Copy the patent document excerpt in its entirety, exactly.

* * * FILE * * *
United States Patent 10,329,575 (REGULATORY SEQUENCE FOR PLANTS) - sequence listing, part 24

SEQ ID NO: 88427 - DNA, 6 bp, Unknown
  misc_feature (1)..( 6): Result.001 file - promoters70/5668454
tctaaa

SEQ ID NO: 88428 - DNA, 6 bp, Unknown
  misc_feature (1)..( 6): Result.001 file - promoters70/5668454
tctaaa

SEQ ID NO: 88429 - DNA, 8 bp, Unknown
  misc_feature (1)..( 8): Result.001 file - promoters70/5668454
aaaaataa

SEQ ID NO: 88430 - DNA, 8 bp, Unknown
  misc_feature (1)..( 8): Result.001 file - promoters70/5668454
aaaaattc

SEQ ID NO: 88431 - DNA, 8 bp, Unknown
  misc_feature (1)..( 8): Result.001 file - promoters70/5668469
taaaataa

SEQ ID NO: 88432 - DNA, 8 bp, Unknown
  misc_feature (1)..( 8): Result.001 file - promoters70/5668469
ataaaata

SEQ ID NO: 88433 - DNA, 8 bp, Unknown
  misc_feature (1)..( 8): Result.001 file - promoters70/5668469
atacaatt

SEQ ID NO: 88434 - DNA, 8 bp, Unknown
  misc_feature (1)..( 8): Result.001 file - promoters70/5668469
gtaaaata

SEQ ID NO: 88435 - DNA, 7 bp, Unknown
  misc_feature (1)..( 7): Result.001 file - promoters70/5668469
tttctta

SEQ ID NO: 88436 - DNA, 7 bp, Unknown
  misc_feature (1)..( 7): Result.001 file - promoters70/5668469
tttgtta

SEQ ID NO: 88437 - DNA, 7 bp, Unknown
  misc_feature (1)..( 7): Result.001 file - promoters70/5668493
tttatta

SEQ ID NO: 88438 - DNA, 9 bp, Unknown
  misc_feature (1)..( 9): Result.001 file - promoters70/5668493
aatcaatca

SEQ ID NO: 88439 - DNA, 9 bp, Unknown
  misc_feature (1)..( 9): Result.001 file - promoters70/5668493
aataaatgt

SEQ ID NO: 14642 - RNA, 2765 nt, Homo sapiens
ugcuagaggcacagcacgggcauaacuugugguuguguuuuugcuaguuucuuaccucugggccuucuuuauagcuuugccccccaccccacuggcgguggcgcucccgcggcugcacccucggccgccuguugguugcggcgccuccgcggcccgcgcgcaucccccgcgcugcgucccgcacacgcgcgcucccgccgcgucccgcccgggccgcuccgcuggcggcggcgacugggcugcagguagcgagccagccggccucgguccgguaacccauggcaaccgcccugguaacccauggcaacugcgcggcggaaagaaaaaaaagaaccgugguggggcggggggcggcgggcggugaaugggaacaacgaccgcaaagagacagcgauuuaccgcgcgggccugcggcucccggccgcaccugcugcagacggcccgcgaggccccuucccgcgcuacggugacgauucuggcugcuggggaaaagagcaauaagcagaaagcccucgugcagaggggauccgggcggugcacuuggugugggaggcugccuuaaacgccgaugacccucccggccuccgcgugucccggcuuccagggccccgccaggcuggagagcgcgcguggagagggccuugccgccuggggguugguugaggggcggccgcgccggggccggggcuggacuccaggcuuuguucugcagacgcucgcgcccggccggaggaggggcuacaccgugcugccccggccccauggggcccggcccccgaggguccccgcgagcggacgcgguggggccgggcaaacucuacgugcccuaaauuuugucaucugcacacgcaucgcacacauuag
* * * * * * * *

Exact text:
United States Patent 10,329,575 (REGULATORY SEQUENCE FOR PLANTS) - sequence listing, part 24

SEQ ID NO: 88427 - DNA, 6 bp, Unknown
  misc_feature (1)..( 6): Result.001 file - promoters70/5668454
tctaaa

SEQ ID NO: 88428 - DNA, 6 bp, Unknown
  misc_feature (1)..( 6): Result.001 file - promoters70/5668454
tctaaa

SEQ ID NO: 88429 - DNA, 8 bp, Unknown
  misc_feature (1)..( 8): Result.001 file - promoters70/5668454
aaaaataa

SEQ ID NO: 88430 - DNA, 8 bp, Unknown
  misc_feature (1)..( 8): Result.001 file - promoters70/5668454
aaaaattc

SEQ ID NO: 88431 - DNA, 8 bp, Unknown
  misc_feature (1)..( 8): Result.001 file - promoters70/5668469
taaaataa

SEQ ID NO: 88432 - DNA, 8 bp, Unknown
  misc_feature (1)..( 8): Result.001 file - promoters70/5668469
ataaaata

SEQ ID NO: 88433 - DNA, 8 bp, Unknown
  misc_feature (1)..( 8): Result.001 file - promoters70/5668469
atacaatt

SEQ ID NO: 88434 - DNA, 8 bp, Unknown
  misc_feature (1)..( 8): Result.001 file - promoters70/5668469
gtaaaata

SEQ ID NO: 88435 - DNA, 7 bp, Unknown
  misc_feature (1)..( 7): Result.001 file - promoters70/5668469
tttctta

SEQ ID NO: 88436 - DNA, 7 bp, Unknown
  misc_feature (1)..( 7): Result.001 file - promoters70/5668469
tttgtta

SEQ ID NO: 88437 - DNA, 7 bp, Unknown
  misc_feature (1)..( 7): Result.001 file - promoters70/5668493
tttatta

SEQ ID NO: 88438 - DNA, 9 bp, Unknown
  misc_feature (1)..( 9): Result.001 file - promoters70/5668493
aatcaatca

SEQ ID NO: 88439 - DNA, 9 bp, Unknown
  misc_feature (1)..( 9): Result.001 file - promoters70/5668493
aataaatgt

SEQ ID NO: 14642 - RNA, 2765 nt, Homo sapiens
ugcuagaggcacagcacgggcauaacuugugguuguguuuuugcuaguuucuuaccucugggccuucuuuauagcuuugccccccaccccacuggcgguggcgcucccgcggcugcacccucggccgccuguugguugcggcgccuccgcggcccgcgcgcaucccccgcgcugcgucccgcacacgcgcgcucccgccgcgucccgcccgggccgcuccgcuggcggcggcgacugggcugcagguagcgagccagccggccucgguccgguaacccauggcaaccgcccugguaacccauggcaacugcgcggcggaaagaaaaaaaagaaccgugguggggcggggggcggcgggcggugaaugggaacaacgaccgcaaagagacagcgauuuaccgcgcgggccugcggcucccggccgcaccugcugcagacggcccgcgaggccccuucccgcgcuacggugacgauucuggcugcuggggaaaagagcaauaagcagaaagcccucgugcagaggggauccgggcggugcacuuggugugggaggcugccuuaaacgccgaugacccucccggccuccgcgugucccggcuuccagggccccgccaggcuggagagcgcgcguggagagggccuugccgccuggggguugguugaggggcggccgcgccggggccggggcuggacuccaggcuuuguucugcagacgcucgcgcccggccggaggaggggcuacaccgugcugccccggccccauggggcccggcccccgaggguccccgcgagcggacgcgguggggccgggcaaacucuacgugcccuaaauuuugucaucugcacacgcaucgcacacauuag